Sunday, October 13, 2013
ANALYSIS: After rough start, Aggie football looks to regroup for second half of 2013
There wasn't much positive to take from the first half of New Mexico State's 2013 college football season, except maybe the fact that it's over.
The Aggies sit at 0-6 on the year, and are coming off a 66-17 defeat at rival New Mexico last weekend. A bye this weekend at least gives the team a chance to rest, regroup and collect itself for the second half of the season.
The schedule does get more manageable from here on out, and perhaps consistent development and progress will come from the team over the final six games of 2013.
With that, here's some takeaways and observations one can make moving forward, as NMSU enters the second half of it's 2013 football schedule:
Development of a young quarterback
Head coach Doug Martin said the Aggies opened competition - and possible playing time - across the board during the team's recent bye week, including at the quarterback position.
With that being said, expect freshman King Davis III to continue seeing increased playing time in the second half of the season.
Davis hasn't taken live snaps since being knocked out of a Week 4 game at UCLA. He got his first career start against the Bruins, only to take some big hits throughout, and suffered a concussion after taking a big lick in the third quarter.
Martin said Davis was held out the past two weeks because of the concussion. The freshman also had his left middle finger bandaged prior to Aggie practice this past Thursday (the wrap was on Davis' non-throwing hand).
But Martin has maintained the freshman is fully recovered from injury, and will compete for playing time accordingly.
"That depends on him. How well he plays in practice and how well he plays in games," Martin said when asked about Davis' role moving forward. "And that's true for every position. It's all about competition."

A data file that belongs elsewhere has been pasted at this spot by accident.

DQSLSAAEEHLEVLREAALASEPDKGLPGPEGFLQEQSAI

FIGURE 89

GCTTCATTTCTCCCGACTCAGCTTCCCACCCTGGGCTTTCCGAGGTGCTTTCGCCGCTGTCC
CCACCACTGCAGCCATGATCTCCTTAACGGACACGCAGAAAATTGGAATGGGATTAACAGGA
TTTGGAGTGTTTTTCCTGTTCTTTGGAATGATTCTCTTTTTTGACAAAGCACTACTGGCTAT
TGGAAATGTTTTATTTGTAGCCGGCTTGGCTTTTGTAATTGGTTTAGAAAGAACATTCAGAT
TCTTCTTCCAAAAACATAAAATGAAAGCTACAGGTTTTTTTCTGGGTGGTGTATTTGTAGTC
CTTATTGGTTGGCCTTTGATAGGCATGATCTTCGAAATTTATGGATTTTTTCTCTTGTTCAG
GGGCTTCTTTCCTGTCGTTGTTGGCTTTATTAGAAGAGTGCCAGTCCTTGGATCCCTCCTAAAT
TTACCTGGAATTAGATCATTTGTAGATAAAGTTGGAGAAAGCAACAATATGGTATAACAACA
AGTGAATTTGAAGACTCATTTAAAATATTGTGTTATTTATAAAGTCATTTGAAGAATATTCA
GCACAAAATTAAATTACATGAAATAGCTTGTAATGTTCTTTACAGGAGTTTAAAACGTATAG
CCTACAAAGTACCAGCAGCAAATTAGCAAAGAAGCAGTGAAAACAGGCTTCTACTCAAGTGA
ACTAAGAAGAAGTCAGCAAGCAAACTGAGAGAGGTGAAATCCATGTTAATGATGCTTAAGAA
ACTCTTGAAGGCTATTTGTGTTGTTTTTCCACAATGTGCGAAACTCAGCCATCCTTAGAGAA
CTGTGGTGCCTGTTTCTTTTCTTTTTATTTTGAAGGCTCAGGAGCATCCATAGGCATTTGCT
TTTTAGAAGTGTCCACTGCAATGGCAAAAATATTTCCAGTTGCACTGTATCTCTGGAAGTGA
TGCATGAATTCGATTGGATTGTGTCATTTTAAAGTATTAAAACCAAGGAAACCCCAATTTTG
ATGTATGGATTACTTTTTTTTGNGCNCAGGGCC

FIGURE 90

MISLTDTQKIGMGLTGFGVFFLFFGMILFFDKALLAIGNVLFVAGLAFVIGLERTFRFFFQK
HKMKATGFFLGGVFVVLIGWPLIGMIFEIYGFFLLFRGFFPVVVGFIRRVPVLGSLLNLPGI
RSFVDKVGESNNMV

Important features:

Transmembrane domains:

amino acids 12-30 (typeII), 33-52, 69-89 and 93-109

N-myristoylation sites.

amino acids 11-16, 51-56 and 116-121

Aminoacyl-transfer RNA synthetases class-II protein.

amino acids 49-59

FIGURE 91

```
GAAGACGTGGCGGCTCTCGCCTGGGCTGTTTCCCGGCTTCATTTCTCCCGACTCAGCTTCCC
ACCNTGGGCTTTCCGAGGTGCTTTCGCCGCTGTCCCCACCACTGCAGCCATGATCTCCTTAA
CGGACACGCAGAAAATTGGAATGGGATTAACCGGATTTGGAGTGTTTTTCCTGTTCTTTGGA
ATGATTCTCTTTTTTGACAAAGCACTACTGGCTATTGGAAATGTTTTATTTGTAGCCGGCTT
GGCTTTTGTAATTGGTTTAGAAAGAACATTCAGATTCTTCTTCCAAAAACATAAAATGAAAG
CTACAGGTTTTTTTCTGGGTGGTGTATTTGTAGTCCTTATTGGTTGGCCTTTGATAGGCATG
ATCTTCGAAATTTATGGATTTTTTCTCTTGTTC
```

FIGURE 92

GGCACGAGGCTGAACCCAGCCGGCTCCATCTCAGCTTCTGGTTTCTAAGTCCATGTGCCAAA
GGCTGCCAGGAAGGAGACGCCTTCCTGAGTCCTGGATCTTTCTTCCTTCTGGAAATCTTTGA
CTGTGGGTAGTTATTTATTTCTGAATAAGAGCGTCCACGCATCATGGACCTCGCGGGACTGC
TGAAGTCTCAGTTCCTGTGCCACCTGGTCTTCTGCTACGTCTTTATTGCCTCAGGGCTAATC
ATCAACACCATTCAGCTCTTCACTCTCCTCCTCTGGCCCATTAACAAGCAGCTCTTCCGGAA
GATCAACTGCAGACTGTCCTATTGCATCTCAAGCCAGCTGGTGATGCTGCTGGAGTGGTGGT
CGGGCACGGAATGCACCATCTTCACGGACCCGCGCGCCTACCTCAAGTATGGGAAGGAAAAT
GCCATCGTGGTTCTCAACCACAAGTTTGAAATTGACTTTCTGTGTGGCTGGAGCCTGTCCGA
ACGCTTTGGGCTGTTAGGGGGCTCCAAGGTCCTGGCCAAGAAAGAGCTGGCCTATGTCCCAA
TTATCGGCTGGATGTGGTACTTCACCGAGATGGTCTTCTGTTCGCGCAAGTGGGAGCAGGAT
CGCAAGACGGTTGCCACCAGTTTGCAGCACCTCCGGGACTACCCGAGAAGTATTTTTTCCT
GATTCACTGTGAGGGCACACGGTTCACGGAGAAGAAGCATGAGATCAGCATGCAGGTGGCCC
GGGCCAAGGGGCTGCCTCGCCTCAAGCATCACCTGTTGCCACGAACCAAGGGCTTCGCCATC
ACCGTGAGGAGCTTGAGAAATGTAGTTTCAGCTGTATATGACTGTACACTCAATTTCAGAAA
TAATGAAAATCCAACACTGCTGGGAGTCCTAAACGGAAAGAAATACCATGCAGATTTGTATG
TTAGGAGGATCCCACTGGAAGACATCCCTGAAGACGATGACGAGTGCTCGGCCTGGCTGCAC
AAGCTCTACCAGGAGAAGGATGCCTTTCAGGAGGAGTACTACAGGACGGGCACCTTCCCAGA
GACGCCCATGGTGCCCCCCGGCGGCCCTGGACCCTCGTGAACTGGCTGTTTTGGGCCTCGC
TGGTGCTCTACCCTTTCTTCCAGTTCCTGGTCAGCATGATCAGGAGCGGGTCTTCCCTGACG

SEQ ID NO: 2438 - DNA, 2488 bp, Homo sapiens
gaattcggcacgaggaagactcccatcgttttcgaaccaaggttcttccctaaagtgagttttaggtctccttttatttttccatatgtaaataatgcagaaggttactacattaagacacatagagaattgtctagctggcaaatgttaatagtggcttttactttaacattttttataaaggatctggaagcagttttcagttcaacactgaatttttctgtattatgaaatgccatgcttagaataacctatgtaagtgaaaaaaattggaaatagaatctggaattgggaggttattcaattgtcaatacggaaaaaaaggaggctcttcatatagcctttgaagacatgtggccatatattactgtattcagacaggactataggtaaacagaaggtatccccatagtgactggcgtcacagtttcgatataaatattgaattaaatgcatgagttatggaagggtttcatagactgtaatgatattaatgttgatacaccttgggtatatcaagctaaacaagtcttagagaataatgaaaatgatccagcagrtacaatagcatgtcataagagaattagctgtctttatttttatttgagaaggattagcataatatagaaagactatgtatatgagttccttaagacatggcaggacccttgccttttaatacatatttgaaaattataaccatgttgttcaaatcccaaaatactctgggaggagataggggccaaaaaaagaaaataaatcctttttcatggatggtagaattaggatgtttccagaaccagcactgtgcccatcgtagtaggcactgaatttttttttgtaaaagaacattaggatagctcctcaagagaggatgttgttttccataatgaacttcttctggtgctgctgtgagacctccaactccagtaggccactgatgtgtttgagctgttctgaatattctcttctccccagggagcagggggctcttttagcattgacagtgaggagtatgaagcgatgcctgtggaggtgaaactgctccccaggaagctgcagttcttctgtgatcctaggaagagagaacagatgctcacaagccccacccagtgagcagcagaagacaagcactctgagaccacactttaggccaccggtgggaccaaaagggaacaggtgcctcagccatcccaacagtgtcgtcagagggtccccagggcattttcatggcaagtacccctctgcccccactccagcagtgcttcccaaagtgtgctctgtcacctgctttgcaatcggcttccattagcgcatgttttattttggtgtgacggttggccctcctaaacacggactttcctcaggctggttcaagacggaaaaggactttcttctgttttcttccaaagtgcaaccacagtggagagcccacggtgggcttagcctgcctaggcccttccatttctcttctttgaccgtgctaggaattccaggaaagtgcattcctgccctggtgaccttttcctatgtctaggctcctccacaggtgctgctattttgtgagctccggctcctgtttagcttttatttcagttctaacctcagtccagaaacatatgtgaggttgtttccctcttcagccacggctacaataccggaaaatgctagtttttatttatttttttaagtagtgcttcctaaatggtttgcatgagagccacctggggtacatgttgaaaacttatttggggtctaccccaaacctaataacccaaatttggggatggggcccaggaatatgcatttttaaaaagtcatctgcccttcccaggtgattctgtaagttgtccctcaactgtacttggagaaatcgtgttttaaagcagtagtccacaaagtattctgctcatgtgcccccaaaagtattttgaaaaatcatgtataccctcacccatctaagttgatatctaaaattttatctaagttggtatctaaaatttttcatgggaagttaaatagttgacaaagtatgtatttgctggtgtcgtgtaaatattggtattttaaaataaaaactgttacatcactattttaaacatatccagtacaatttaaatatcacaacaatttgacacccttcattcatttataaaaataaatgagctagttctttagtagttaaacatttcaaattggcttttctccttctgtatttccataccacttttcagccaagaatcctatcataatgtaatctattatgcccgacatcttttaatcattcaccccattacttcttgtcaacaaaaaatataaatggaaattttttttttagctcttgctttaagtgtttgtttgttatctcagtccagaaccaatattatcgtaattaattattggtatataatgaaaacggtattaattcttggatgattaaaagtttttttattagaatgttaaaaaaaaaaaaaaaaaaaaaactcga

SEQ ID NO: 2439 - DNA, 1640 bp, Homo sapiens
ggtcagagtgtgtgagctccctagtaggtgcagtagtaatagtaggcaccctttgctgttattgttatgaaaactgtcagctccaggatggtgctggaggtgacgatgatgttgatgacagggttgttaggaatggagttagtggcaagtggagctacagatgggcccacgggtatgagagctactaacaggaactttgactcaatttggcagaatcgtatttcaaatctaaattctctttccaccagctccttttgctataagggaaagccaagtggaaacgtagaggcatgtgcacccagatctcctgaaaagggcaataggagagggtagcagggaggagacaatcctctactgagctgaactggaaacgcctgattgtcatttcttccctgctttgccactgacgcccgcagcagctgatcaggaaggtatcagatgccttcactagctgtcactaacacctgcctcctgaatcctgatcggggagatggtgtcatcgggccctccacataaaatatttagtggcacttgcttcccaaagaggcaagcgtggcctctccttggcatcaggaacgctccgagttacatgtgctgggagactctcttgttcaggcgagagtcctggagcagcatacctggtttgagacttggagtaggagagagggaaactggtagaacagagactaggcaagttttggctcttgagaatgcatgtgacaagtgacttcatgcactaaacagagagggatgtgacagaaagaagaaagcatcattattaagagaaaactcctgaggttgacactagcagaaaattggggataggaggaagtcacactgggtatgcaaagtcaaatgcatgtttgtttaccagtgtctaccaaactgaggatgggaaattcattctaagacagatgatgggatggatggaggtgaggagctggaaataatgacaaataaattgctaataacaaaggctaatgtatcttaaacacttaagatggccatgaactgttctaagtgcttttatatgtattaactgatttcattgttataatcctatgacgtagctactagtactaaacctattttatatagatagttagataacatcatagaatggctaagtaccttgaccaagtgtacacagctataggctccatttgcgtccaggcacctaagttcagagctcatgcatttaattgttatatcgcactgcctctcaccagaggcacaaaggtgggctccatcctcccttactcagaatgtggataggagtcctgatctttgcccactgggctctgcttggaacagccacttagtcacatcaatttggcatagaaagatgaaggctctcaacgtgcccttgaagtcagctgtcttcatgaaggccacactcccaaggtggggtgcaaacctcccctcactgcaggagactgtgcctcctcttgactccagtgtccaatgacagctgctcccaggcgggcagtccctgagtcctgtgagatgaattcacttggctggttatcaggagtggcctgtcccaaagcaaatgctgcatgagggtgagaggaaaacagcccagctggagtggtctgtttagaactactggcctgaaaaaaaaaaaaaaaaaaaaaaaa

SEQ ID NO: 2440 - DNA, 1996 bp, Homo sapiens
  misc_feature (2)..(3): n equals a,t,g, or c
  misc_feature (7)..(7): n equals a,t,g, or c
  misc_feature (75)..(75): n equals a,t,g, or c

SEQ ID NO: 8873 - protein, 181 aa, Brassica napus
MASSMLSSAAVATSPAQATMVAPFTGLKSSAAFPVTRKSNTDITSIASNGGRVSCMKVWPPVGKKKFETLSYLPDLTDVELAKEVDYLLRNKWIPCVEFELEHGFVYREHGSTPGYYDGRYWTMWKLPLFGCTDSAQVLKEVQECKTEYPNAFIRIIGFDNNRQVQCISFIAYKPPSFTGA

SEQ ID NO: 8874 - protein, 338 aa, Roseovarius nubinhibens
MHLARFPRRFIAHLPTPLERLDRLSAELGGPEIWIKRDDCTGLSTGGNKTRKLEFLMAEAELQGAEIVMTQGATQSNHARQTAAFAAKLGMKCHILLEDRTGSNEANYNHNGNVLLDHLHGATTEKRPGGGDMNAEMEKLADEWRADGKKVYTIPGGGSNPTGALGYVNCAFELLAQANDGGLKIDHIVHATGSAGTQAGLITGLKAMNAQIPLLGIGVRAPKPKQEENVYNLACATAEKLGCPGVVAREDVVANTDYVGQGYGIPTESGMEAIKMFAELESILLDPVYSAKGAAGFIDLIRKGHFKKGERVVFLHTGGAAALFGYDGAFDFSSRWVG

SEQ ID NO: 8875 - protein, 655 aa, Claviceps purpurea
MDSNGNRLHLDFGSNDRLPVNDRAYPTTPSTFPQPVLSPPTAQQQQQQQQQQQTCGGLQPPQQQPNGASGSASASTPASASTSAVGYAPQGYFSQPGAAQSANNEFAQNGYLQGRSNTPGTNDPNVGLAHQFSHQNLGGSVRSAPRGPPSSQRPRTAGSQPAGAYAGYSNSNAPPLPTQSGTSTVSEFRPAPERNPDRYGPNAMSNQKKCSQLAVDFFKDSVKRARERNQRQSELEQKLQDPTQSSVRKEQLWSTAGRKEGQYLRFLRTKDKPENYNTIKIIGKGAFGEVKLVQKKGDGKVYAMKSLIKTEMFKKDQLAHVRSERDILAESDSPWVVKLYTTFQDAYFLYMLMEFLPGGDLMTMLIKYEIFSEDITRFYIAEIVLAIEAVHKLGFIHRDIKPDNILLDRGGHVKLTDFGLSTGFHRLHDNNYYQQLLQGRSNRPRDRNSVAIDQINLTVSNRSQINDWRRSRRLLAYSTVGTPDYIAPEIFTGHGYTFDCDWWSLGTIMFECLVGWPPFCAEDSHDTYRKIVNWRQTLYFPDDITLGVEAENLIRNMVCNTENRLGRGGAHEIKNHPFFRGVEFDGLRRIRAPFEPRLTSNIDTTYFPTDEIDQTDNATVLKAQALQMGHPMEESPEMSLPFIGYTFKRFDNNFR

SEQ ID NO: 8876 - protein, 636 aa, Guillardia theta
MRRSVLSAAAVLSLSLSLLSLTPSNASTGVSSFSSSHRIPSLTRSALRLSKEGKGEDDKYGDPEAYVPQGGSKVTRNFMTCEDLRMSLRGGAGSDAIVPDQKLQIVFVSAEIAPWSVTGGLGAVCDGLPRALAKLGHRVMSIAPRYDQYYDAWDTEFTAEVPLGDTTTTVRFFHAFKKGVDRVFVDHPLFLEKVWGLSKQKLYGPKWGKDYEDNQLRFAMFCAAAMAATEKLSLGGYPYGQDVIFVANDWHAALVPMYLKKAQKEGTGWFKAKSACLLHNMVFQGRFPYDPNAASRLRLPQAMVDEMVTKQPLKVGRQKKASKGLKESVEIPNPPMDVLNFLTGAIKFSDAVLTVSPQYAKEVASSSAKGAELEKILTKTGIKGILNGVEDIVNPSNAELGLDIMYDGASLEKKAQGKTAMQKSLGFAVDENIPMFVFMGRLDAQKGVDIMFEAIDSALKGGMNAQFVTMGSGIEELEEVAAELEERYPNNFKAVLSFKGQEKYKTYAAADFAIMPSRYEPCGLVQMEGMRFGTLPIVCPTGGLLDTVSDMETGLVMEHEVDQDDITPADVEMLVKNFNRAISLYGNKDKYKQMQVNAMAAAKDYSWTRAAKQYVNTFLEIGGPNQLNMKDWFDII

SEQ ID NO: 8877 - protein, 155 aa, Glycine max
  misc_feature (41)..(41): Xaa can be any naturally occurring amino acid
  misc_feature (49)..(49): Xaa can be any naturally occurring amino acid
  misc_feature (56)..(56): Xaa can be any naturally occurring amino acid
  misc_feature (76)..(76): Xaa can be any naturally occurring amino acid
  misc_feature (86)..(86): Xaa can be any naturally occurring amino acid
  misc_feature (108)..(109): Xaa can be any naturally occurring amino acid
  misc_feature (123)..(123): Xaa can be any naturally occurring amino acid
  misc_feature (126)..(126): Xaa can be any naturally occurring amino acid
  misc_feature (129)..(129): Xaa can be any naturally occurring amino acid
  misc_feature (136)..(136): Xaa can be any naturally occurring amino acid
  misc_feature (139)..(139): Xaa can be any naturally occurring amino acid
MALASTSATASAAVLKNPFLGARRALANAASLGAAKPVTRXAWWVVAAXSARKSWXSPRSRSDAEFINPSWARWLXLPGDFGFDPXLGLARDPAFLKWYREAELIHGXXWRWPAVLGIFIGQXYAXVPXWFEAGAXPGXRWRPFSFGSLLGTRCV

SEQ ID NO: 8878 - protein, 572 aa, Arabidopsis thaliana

The reality of NMSU's current position also suggests this: the Aggies have spoken throughout the first half of the 2013 season about finding high-end quarterback play - to this point, it hasn't appeared they believe they've gotten such performance from that position. Davis is a freshman with great athleticism and running ability, although he still needs to prove himself in other areas of the game - specifically, his passing.
"He can get out of trouble in the pocket. He's good on his feet. A good athlete," said offensive coordinator Gregg Brandon. "Now, can he complete enough passes? To me, right now, that remains to be seen."
While the second half of the Aggies schedule is more manageable, it can also provide the coaching staff a chance to see the freshman under center, allow him to develop, and give them a chance to evaluate the position.
"It's a big priority," Brandon said. "He's shown flashes of being a capable quarterback for us. It's unfortunate that he got dinged and he couldn't continue that development. But the bye week's been good for him, getting a lot of reps that way. We'll see where it goes."
Progress of local players
Perhaps the biggest bright spot for the Aggies this season has been the performance of New Mexico-based players on the roster.
Running back Brandon Betancourt has been consistent - the Mayfield High School alum is currently the team's leading rusher (74 carries, 303 yards and two touchdowns). Wide receiver Joshua Bowen (Manzano High School) leads the Aggies in key categories (26 catches, 253 yards and two touchdowns) while fellow receiver Adam Shapiro (Rio Rancho High School) has found a niche as well (15 catches, 205 yards and a touchdown).
Linebacker Clint Barnard (Melrose High School) has also started throughout the year, while defensive tackle Matt Ramondo (Mayfield) has seen his role increase. Kickoff man Brock Baca (Mayfield) has taken the field the past two weeks and has gotten the ball to the end zone.
"All the New Mexico kids we've got have played well," Martin said. "They're making great contributions."
Such players are also underclassmen and will return to the Aggies next season, meaning their continued development as part of the team's core can be monitored.
"I feel like we've all done pretty good," Shapiro said of the New Mexico contingent. "But at the end of the day, it's all about winning. And we still need to do more and step up more. ... We can all improve."
This area has largely been a disappointment, particularly the team's coverage units.